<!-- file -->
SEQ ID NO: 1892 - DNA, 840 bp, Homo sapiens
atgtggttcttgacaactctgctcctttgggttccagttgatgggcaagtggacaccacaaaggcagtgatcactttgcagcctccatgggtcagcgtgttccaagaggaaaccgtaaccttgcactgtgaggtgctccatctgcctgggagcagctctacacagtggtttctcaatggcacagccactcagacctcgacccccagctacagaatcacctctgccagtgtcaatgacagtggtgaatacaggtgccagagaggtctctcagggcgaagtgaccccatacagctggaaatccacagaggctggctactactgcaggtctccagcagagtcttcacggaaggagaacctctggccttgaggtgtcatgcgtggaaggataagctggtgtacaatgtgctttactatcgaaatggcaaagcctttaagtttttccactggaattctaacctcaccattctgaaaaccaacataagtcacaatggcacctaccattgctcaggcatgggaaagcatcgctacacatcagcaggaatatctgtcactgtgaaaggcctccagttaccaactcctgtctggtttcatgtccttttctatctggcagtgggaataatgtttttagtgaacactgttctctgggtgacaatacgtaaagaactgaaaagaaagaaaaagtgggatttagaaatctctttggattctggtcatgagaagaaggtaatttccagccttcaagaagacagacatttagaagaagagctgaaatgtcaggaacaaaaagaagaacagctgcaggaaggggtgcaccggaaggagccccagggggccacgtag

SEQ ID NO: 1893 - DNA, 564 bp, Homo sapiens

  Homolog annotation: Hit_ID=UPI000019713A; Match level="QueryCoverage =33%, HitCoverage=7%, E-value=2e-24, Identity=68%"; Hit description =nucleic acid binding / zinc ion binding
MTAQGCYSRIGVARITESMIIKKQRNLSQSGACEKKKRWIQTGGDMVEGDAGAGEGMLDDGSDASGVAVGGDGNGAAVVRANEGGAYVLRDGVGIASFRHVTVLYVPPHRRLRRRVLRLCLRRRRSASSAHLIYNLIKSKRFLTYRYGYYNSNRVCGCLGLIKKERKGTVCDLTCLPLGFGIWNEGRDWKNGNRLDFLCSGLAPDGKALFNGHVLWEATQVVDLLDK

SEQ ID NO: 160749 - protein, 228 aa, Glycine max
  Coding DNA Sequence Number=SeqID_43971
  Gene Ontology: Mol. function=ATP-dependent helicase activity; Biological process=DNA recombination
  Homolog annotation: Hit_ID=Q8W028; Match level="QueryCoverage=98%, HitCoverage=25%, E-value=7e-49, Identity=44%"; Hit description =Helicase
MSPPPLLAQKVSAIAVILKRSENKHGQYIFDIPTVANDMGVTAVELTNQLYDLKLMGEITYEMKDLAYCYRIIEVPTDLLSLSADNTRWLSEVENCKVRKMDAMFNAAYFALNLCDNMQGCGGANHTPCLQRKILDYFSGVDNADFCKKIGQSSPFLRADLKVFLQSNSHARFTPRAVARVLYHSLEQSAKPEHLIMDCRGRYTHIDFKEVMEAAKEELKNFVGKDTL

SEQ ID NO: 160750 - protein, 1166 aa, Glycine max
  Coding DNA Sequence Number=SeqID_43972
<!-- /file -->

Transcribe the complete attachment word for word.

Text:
SEQ ID NO: 1892 - DNA, 840 bp, Homo sapiens
atgtggttcttgacaactctgctcctttgggttccagttgatgggcaagtggacaccacaaaggcagtgatcactttgcagcctccatgggtcagcgtgttccaagaggaaaccgtaaccttgcactgtgaggtgctccatctgcctgggagcagctctacacagtggtttctcaatggcacagccactcagacctcgacccccagctacagaatcacctctgccagtgtcaatgacagtggtgaatacaggtgccagagaggtctctcagggcgaagtgaccccatacagctggaaatccacagaggctggctactactgcaggtctccagcagagtcttcacggaaggagaacctctggccttgaggtgtcatgcgtggaaggataagctggtgtacaatgtgctttactatcgaaatggcaaagcctttaagtttttccactggaattctaacctcaccattctgaaaaccaacataagtcacaatggcacctaccattgctcaggcatgggaaagcatcgctacacatcagcaggaatatctgtcactgtgaaaggcctccagttaccaactcctgtctggtttcatgtccttttctatctggcagtgggaataatgtttttagtgaacactgttctctgggtgacaatacgtaaagaactgaaaagaaagaaaaagtgggatttagaaatctctttggattctggtcatgagaagaaggtaatttccagccttcaagaagacagacatttagaagaagagctgaaatgtcaggaacaaaaagaagaacagctgcaggaaggggtgcaccggaaggagccccagggggccacgtag

SEQ ID NO: 1893 - DNA, 564 bp, Homo sapiens

  Homolog annotation: Hit_ID=UPI000019713A; Match level="QueryCoverage =33%, HitCoverage=7%, E-value=2e-24, Identity=68%"; Hit description =nucleic acid binding / zinc ion binding
MTAQGCYSRIGVARITESMIIKKQRNLSQSGACEKKKRWIQTGGDMVEGDAGAGEGMLDDGSDASGVAVGGDGNGAAVVRANEGGAYVLRDGVGIASFRHVTVLYVPPHRRLRRRVLRLCLRRRRSASSAHLIYNLIKSKRFLTYRYGYYNSNRVCGCLGLIKKERKGTVCDLTCLPLGFGIWNEGRDWKNGNRLDFLCSGLAPDGKALFNGHVLWEATQVVDLLDK

SEQ ID NO: 160749 - protein, 228 aa, Glycine max
  Coding DNA Sequence Number=SeqID_43971
  Gene Ontology: Mol. function=ATP-dependent helicase activity; Biological process=DNA recombination
  Homolog annotation: Hit_ID=Q8W028; Match level="QueryCoverage=98%, HitCoverage=25%, E-value=7e-49, Identity=44%"; Hit description =Helicase
MSPPPLLAQKVSAIAVILKRSENKHGQYIFDIPTVANDMGVTAVELTNQLYDLKLMGEITYEMKDLAYCYRIIEVPTDLLSLSADNTRWLSEVENCKVRKMDAMFNAAYFALNLCDNMQGCGGANHTPCLQRKILDYFSGVDNADFCKKIGQSSPFLRADLKVFLQSNSHARFTPRAVARVLYHSLEQSAKPEHLIMDCRGRYTHIDFKEVMEAAKEELKNFVGKDTL

SEQ ID NO: 160750 - protein, 1166 aa, Glycine max
  Coding DNA Sequence Number=SeqID_43972